The Russian star was fully justified in spending that time though, as the critical line with 13.♘xd5 is both dangerous for Black and difficult to calculate. The idea is that after 13...cxd5 14.♕xd5 Black's rook and bishop are attacked. Thus, there should follow 14...♝xf2+ 15.♖xf2 ♕xb2:

 

Here is when things get more messy, as White has 16.♖xf7+ and in case of 16...♛xa1+ White has 17.♖f1+ with a killer discovered check. Black would need to go 16...♛b6+ and enter an endgame a pawn down after 17.♔h1 ♝e6 18.♖xf8+ ♜xf8.   

None of this happened of course, as Duda later confessed he had seen this line but missed 17♖f1+. Dubov rightfully explained: "That basically shows that even such a short draw makes some sense for the players".

 

Jan-Krzysztof Duda

Will Duda and Dubov decide their match-up on Tuesday? | Photo: Valeria Gordienko

Vachier-Lagrave ½:½ Grischuk

The contenders for the Candidates spots entered a line of the Ruy Lopez mostly seen in games featuring players in the 2300-2600 range (although Dominguez and Caruana also explored it back in 2009). If we go by the time spent by the players, the critical moment came on move 15:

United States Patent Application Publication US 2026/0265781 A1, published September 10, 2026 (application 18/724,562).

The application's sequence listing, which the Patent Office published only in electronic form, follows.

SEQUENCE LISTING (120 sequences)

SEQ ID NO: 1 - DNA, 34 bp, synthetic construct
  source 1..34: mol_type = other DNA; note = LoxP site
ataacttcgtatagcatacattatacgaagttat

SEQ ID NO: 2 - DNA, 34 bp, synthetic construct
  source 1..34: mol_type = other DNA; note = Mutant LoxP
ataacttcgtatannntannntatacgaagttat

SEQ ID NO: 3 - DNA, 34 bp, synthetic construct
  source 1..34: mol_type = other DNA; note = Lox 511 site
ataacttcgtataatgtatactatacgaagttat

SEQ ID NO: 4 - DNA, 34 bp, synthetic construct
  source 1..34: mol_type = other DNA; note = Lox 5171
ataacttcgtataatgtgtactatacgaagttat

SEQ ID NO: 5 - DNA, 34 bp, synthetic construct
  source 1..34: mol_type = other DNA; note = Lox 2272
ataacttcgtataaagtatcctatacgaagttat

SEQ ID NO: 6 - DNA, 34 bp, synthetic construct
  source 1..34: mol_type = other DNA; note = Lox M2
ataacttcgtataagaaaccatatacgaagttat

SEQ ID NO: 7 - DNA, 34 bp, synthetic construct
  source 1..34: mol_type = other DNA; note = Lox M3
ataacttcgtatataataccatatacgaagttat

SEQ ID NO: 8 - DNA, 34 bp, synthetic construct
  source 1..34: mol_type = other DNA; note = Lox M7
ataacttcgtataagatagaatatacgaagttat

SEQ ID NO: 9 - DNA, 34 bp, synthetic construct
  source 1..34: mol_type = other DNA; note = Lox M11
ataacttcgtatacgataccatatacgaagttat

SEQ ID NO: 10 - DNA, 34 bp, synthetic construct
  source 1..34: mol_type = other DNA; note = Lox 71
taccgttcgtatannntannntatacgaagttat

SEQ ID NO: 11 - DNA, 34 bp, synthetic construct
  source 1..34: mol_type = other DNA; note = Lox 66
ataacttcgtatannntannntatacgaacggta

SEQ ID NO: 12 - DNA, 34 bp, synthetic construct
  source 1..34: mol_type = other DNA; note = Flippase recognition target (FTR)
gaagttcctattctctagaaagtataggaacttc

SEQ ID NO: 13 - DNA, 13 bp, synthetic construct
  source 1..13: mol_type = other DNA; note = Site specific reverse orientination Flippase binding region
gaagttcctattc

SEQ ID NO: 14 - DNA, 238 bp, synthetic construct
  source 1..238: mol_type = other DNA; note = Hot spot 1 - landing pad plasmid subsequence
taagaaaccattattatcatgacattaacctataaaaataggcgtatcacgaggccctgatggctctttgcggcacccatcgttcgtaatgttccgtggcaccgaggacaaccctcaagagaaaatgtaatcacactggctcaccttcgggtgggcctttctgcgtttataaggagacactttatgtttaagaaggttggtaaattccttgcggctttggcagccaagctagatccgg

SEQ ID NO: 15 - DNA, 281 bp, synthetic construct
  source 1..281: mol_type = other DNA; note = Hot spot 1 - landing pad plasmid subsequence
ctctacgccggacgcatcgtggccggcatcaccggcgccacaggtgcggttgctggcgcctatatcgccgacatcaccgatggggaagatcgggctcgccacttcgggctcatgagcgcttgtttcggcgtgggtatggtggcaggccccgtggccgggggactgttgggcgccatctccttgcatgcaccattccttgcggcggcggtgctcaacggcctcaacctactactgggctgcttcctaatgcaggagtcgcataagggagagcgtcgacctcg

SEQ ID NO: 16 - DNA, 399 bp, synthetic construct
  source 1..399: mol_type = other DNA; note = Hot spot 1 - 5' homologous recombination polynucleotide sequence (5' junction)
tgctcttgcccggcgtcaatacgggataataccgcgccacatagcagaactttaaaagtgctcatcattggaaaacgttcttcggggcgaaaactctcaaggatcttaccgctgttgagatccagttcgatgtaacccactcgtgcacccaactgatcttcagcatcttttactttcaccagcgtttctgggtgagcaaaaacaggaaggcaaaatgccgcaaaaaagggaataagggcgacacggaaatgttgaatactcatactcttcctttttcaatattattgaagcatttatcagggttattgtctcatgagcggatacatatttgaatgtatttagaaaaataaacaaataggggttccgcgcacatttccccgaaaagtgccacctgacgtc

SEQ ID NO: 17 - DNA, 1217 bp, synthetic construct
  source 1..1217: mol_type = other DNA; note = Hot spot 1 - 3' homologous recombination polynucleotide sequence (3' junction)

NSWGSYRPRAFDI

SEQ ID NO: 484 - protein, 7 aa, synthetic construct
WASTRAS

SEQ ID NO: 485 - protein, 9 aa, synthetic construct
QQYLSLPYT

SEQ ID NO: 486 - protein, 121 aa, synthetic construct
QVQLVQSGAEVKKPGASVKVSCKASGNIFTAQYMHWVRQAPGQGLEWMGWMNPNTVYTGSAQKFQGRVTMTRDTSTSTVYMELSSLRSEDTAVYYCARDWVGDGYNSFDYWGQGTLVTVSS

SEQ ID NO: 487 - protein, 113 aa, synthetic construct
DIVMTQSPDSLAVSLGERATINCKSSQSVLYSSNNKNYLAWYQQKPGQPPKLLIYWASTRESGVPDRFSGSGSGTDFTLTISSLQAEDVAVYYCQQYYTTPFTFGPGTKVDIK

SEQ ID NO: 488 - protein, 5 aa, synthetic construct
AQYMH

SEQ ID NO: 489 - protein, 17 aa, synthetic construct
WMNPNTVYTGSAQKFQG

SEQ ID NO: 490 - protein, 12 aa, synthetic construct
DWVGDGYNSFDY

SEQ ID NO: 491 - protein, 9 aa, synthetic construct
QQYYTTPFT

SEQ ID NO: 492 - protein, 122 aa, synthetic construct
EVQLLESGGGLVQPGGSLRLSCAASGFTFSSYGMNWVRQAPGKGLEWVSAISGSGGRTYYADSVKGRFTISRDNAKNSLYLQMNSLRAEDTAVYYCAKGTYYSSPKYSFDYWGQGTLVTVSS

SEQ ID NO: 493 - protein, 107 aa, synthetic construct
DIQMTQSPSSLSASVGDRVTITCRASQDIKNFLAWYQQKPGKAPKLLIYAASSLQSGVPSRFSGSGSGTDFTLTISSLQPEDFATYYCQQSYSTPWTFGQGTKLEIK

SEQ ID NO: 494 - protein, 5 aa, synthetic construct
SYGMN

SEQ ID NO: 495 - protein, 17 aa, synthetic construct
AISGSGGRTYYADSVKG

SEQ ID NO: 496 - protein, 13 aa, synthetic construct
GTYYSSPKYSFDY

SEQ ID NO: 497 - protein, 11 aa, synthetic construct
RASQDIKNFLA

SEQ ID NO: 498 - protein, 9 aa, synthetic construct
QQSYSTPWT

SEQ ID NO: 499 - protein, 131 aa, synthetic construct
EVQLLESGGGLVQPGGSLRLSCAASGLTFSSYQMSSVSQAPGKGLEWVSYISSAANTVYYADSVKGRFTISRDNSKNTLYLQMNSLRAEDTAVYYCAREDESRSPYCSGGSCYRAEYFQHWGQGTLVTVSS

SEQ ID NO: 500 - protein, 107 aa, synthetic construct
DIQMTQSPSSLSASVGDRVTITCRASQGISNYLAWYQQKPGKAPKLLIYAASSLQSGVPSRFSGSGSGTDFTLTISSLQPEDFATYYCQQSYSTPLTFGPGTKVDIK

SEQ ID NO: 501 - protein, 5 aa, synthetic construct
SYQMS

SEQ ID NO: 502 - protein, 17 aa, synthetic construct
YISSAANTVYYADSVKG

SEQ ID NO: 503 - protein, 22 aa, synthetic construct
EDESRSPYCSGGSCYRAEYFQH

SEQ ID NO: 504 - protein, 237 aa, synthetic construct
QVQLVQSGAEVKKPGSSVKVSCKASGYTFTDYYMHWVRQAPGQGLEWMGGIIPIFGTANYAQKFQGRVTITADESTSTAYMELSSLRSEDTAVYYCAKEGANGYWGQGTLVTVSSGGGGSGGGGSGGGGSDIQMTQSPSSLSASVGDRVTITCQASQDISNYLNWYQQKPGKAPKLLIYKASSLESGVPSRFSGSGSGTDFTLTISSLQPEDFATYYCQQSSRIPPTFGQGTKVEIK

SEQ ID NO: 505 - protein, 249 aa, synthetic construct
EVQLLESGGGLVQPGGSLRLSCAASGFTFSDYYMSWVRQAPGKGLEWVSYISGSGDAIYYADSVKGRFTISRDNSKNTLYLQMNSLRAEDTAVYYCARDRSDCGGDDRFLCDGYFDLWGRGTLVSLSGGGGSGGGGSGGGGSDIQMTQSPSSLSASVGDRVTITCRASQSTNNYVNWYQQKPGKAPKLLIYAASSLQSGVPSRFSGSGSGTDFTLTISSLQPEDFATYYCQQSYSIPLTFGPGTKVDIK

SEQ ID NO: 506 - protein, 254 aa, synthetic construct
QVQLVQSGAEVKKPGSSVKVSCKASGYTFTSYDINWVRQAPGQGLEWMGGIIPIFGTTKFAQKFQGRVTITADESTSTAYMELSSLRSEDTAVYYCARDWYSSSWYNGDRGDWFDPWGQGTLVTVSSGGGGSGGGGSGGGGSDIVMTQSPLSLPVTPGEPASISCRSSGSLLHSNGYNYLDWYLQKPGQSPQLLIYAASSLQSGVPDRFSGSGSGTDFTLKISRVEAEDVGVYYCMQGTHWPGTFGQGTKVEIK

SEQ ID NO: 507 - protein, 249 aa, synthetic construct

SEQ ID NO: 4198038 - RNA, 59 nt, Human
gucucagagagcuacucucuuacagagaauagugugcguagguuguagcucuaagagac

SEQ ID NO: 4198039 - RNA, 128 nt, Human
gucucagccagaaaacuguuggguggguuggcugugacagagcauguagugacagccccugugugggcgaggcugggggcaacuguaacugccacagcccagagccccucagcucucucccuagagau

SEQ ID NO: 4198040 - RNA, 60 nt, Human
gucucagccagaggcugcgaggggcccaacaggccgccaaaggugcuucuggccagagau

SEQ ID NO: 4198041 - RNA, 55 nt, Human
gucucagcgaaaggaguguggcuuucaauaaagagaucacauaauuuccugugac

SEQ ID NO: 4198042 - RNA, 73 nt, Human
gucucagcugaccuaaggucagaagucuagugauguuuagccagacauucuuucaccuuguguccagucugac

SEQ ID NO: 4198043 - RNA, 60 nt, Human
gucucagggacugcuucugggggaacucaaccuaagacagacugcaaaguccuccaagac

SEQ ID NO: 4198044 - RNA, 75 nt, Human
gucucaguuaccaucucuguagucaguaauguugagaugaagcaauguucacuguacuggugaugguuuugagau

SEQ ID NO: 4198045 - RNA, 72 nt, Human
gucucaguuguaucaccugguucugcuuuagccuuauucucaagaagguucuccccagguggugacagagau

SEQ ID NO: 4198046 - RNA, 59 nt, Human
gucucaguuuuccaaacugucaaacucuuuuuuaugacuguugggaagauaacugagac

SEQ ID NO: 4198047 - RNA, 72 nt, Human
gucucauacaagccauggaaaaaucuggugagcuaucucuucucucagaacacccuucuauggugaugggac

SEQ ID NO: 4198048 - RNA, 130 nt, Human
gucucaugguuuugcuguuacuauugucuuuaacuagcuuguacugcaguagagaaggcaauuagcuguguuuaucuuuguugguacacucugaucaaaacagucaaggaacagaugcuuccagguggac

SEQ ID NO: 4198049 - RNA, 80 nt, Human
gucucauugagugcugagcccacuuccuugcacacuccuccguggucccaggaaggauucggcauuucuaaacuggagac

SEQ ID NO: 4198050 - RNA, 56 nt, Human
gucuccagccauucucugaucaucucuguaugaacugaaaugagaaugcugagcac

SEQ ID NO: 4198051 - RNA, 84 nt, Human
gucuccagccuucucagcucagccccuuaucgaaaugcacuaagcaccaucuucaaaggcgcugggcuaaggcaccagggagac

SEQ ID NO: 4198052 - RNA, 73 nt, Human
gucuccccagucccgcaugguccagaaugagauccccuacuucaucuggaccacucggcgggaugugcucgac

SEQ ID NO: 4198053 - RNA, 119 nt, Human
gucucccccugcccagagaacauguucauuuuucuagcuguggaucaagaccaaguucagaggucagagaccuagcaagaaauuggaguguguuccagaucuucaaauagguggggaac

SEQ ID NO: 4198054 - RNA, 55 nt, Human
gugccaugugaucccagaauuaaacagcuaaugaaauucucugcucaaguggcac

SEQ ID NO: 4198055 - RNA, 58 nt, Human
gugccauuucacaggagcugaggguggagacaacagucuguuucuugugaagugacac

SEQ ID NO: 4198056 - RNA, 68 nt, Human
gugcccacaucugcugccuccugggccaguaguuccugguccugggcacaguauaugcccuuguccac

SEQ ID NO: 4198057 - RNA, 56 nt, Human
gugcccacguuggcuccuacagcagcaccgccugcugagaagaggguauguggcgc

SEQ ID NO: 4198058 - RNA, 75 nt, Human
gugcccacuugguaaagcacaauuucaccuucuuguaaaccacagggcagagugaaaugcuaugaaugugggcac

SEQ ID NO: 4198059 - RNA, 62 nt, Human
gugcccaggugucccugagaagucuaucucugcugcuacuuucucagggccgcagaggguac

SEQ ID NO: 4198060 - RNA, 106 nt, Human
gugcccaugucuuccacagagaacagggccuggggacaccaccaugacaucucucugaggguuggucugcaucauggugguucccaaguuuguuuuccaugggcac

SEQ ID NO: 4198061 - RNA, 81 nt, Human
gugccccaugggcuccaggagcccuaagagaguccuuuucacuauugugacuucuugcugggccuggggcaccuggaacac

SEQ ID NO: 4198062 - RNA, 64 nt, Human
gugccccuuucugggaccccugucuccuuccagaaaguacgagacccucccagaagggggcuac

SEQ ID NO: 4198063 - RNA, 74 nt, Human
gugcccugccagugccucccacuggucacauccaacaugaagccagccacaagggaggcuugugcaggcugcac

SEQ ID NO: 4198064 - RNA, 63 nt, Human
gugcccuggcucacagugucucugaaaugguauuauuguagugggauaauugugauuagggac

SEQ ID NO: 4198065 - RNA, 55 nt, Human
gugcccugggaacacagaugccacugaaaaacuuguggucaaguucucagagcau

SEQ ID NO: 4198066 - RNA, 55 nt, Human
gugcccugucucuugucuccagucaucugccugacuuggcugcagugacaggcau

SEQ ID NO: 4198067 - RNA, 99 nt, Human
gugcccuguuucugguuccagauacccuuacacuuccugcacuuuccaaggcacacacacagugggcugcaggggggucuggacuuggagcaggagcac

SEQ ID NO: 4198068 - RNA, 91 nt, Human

Vachier-Lagrave went for 15.h3 after fourteen minutes of thought, but 15.♕c2 and 15.♗d5 were also moves to consider. Grischuk, in kind, spent a half an hour on 15...f5, when 15...♝h5 and 15...♝xf3 would have led to a different kind of struggle. The draw was signed in a completely balanced position twelve moves later.

 

All games available at Live.Chessbase.com

France's number one Maxime Vachier-Lagrave | Photo: Valeria Gordienko


Commentary webcast

Commentary by GM Evgeny Miroshnichenko


Schedule

Nov. 5–7 Round 1 + Tie-breaks
Nov. 8–10 Round 2 + Tie-breaks
Nov. 11-13 Semi-final + Tie-breaks
Nov. 14 Rest day
Nov. 15-17 Final + Tie-breaks

Links




Carlos Colodro is a Hispanic Philologist from Bolivia. He works as a freelance translator and writer since 2012. A lot of his work is done in chess-related texts, as the game is one of his biggest interests, along with literature and music.